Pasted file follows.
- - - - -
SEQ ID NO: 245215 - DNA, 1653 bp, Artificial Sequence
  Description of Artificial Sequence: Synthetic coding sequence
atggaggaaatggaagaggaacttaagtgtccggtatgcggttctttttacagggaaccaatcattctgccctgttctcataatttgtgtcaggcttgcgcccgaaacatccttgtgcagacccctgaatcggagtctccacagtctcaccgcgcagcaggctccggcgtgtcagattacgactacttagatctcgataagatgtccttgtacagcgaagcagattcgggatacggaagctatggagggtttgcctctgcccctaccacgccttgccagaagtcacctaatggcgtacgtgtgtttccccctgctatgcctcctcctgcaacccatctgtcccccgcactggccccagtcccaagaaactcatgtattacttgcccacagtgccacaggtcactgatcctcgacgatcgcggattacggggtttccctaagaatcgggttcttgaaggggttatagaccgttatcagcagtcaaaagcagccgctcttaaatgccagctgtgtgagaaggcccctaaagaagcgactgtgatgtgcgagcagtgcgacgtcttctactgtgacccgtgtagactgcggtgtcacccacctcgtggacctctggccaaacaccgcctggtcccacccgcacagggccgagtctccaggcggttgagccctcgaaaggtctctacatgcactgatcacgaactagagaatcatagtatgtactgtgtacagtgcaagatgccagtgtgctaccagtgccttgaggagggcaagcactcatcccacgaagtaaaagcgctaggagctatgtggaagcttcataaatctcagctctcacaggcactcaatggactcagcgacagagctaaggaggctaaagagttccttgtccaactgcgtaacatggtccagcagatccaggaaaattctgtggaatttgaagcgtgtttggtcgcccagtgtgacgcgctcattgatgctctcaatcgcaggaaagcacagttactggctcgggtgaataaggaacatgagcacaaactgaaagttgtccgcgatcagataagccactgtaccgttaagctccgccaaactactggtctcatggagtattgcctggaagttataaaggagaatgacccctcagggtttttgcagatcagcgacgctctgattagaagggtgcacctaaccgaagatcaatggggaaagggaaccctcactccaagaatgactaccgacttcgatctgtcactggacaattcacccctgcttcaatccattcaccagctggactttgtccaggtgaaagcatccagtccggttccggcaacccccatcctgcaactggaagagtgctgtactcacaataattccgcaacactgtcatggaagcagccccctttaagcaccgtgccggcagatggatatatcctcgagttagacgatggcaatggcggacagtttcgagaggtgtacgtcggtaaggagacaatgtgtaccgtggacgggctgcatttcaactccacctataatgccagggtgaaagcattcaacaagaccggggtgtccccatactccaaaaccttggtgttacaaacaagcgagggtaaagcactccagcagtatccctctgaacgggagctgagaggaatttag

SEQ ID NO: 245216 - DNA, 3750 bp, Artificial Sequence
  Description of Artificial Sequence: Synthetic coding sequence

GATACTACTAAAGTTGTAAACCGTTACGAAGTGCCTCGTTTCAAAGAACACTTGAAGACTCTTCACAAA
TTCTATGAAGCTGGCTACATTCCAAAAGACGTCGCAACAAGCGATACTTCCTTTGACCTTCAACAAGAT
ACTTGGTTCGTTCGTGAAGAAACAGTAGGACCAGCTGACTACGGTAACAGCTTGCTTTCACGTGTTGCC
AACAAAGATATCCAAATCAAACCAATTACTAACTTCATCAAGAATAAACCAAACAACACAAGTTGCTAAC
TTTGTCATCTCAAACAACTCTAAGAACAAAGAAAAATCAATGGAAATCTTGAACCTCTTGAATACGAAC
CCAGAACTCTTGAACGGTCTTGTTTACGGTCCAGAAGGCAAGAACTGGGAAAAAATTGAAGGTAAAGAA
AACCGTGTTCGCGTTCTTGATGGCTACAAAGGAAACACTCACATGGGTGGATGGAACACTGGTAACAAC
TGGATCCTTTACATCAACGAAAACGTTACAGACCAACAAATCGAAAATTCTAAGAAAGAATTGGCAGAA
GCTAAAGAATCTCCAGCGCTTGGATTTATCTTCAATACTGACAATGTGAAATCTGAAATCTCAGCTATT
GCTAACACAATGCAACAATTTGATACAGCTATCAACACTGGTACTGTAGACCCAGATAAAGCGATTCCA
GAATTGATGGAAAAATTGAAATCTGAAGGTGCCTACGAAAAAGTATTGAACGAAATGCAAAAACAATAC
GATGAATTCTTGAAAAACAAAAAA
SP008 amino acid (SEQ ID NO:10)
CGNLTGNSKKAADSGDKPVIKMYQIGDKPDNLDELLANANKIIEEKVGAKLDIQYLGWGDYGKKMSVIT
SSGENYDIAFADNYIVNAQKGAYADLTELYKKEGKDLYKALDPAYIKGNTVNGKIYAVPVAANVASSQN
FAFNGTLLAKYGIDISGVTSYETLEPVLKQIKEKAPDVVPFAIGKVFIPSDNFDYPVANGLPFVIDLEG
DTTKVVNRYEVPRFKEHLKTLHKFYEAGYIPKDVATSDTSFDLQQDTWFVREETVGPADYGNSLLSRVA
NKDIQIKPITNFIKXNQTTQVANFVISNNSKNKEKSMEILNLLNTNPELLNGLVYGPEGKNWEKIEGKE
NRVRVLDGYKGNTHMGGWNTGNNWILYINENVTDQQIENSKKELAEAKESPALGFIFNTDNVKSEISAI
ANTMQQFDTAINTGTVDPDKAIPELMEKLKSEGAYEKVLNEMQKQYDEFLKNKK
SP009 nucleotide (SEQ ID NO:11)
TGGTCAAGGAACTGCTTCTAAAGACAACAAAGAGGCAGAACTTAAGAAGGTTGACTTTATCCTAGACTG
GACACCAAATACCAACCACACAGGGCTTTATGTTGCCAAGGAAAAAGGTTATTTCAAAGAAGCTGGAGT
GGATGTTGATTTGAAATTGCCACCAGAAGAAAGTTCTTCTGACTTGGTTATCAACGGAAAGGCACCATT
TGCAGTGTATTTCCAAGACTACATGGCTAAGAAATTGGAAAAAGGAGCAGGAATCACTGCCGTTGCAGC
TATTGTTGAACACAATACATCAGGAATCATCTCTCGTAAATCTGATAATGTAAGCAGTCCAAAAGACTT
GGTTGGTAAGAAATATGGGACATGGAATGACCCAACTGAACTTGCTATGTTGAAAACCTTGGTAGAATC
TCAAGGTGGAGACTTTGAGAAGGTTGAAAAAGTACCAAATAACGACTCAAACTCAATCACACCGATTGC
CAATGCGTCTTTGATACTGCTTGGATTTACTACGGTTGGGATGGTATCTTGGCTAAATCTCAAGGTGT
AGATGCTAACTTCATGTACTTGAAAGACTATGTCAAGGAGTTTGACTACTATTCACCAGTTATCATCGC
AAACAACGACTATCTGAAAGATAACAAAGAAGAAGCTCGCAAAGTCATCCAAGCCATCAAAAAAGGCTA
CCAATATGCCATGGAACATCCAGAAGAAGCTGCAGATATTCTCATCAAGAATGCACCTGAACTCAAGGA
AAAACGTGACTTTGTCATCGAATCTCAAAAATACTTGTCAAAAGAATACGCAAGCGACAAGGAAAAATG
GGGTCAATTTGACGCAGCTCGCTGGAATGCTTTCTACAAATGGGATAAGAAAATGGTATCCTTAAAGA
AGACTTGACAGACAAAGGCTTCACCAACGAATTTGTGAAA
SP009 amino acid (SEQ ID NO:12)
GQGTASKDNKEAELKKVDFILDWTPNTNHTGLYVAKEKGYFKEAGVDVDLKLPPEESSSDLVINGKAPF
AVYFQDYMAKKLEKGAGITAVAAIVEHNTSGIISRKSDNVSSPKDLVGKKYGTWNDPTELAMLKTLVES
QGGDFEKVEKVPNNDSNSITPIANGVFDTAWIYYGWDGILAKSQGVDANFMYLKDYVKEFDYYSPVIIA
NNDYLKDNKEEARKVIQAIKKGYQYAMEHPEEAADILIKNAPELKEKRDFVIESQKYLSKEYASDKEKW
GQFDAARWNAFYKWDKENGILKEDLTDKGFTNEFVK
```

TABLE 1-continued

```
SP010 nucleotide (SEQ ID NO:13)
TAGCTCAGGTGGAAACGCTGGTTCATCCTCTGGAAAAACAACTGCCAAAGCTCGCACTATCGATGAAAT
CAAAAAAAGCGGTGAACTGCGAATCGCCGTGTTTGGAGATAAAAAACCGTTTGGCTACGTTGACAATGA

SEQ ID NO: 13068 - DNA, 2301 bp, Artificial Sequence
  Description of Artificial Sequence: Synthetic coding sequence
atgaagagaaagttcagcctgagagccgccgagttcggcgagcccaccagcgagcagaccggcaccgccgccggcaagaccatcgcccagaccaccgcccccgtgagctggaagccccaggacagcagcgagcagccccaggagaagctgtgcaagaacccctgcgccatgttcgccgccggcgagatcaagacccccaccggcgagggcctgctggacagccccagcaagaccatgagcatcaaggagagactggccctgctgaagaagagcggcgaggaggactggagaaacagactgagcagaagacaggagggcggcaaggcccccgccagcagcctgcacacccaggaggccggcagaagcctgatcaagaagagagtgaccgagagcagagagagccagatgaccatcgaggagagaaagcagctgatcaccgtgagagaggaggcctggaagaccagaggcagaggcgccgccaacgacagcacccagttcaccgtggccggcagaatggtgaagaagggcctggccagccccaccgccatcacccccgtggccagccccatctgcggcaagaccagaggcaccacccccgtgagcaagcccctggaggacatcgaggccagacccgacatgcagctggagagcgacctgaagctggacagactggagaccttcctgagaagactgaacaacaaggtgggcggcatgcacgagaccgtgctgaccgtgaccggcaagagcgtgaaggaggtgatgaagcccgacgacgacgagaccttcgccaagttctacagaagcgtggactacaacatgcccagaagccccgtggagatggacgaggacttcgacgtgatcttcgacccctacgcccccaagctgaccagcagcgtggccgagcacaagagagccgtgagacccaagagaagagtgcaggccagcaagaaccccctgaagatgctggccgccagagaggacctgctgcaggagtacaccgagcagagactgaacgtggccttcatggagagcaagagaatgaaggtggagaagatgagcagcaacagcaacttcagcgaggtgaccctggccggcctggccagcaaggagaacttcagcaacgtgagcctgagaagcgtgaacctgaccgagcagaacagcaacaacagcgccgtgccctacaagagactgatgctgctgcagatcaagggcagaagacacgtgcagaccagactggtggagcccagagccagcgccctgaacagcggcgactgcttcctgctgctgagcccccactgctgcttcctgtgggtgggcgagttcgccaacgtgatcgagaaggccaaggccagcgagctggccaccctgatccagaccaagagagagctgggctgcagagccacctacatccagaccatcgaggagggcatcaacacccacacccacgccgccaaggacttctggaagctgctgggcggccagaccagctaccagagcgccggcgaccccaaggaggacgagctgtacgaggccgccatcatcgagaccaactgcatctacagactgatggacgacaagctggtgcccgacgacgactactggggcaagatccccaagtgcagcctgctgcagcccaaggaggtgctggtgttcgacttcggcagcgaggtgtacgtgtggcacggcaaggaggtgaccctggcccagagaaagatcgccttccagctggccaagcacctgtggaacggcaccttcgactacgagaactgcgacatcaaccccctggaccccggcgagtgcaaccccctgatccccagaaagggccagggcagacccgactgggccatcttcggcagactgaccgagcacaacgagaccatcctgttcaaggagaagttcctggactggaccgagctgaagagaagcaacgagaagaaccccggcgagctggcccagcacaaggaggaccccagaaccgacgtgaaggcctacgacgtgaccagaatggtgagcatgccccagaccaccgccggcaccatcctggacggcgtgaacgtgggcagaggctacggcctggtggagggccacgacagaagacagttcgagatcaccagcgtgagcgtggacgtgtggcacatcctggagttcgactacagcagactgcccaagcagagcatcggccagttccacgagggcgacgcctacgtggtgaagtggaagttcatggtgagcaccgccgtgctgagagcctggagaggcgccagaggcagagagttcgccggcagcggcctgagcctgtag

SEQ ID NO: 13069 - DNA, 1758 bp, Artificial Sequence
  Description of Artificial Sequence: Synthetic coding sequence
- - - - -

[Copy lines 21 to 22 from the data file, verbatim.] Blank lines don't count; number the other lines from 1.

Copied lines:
FAFNGTLLAKYGIDISGVTSYETLEPVLKQIKEKAPDVVPFAIGKVFIPSDNFDYPVANGLPFVIDLEG
DTTKVVNRYEVPRFKEHLKTLHKFYEAGYIPKDVATSDTSFDLQQDTWFVREETVGPADYGNSLLSRVA